Too Many Pumpkins is the story of Rebecca Estelle, an old lady who loves to garden, but HATES pumpkins. She will not look or touch or think of pumpkins until one day, a pumpkin gets smashed in her yard and she covers it in dirt. The next spring, pumpkins begin sprouting up and she ignores them some more, until fall comes and there are pumpkins growing all over her yard! She decides to make the pumpkins into baked goods and jack-o’-lanterns so people will come take all the pumpkins and pumpkin goods away, and it works! Rebecca gives it all away…except for a few seeds that she keeps to plant next spring.

This story gives a bunch of opportunities to make predictions because many of the pages end in “until…”. Students can make predictions and inferences about what could happen next, how Rebecca is feeling, why she might be feeling that way, etc. The story is a really good one to retell and practice sequencing, as well as identify the main idea and details.

7. The Roll-Away Pumpkin by Junia Wonders

The story of The Roll-Away Pumpkin follows a little girl who is chasing after her pumpkin that is rolling away. As she runs through town trying to catch her rolling pumpkin, people of the town join in to try to help. As they continue chasing, the pumpkin rolls toward a lady making soup, and the delicious pumpkin soup is served to all the townspeople who have been running around town trying to catch the pumpkin.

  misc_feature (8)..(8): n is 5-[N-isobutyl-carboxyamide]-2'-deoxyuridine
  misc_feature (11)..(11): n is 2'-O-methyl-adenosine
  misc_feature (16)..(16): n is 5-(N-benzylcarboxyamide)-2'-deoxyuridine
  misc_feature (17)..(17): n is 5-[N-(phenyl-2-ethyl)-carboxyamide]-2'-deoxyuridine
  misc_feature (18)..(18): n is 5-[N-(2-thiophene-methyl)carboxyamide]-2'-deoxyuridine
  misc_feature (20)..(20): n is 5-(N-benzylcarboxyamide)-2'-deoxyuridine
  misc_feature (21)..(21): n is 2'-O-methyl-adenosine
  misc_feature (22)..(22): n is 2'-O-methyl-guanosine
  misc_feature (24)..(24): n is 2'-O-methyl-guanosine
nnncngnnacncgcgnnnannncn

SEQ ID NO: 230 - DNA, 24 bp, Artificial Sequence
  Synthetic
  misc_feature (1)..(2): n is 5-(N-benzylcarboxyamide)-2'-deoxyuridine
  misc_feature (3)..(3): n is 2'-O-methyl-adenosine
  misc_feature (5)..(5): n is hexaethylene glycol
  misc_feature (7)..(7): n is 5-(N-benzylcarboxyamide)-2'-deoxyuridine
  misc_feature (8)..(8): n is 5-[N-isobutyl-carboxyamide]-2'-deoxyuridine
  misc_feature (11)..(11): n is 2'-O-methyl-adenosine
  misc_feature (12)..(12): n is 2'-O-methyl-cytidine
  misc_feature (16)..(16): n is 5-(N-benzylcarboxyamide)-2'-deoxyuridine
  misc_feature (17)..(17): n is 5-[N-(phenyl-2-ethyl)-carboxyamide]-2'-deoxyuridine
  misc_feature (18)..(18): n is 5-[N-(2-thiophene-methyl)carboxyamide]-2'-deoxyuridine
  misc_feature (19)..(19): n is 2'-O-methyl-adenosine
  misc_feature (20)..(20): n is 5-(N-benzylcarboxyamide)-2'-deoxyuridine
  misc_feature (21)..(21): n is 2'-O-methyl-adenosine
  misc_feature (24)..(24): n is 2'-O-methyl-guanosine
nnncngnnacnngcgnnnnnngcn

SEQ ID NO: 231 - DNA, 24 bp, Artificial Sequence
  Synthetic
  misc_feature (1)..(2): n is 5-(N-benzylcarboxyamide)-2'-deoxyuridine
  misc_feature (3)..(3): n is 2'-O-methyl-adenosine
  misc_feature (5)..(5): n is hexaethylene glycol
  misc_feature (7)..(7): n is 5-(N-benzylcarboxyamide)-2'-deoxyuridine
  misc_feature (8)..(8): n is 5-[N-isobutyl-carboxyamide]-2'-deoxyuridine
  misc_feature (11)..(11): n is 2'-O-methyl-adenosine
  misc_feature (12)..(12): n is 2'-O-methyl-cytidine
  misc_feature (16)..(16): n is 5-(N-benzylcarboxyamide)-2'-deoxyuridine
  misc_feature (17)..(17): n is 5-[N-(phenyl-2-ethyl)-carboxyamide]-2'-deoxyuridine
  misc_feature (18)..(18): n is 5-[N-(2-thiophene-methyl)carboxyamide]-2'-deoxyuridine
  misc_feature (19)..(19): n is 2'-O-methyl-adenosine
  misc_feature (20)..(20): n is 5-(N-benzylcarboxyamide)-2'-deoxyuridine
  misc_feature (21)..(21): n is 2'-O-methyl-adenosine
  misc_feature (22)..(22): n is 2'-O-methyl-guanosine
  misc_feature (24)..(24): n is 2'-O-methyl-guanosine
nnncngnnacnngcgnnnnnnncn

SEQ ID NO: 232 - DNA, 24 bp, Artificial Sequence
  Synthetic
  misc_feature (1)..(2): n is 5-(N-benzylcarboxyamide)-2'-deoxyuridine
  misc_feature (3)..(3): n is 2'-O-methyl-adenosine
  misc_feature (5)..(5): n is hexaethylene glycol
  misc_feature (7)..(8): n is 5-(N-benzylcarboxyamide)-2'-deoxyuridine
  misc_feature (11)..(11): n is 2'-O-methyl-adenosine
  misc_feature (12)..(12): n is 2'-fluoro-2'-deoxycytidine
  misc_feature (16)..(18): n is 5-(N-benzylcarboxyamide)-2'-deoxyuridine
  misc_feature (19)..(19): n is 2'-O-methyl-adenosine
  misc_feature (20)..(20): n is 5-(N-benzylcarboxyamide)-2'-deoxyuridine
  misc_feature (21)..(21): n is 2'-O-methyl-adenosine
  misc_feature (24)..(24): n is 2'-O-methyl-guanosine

This book is written with a repeating phrase on many of the pages, which is a simple way to include your students, making it an interactive read aloud. Have your students read along and say the phrases they know are coming next, or even identify the same words they see on each page! You can also incorporate retelling, cause and effect, and some really creative writing assignments, like “Draw and illustrate what would have happened if the pumpkin didn’t roll into the soup.” or “How did the pumpkin get started rolling in the first place?” You can add in a simple pumpkin craft to complete the fun!

8. Fall Weather: Cooler Temperatures by Martha E. H. Rustad

This book is the perfect way to incorporate non-fiction text into your fall literacy explorations! Complete with a table of contents and short, simple chapters about fall facts, it covers topics such as when fall begins and ends and the kind of weather to expect in autumn. The book is illustrated and does not use photographs, but includes some extra facts (almost like captions) written on leaves on many pages. There are simple headings, chapter titles, an index, and a glossary included as well.

Fall Weather would be a fantastic way for students to make connections from a book to their real world. And, with an easy experiment for making rain gauge at the end, it makes for a super simple science-literacy connection as well. Retelling facts and practicing some non-fiction writing are great ways to extend the learning with this book!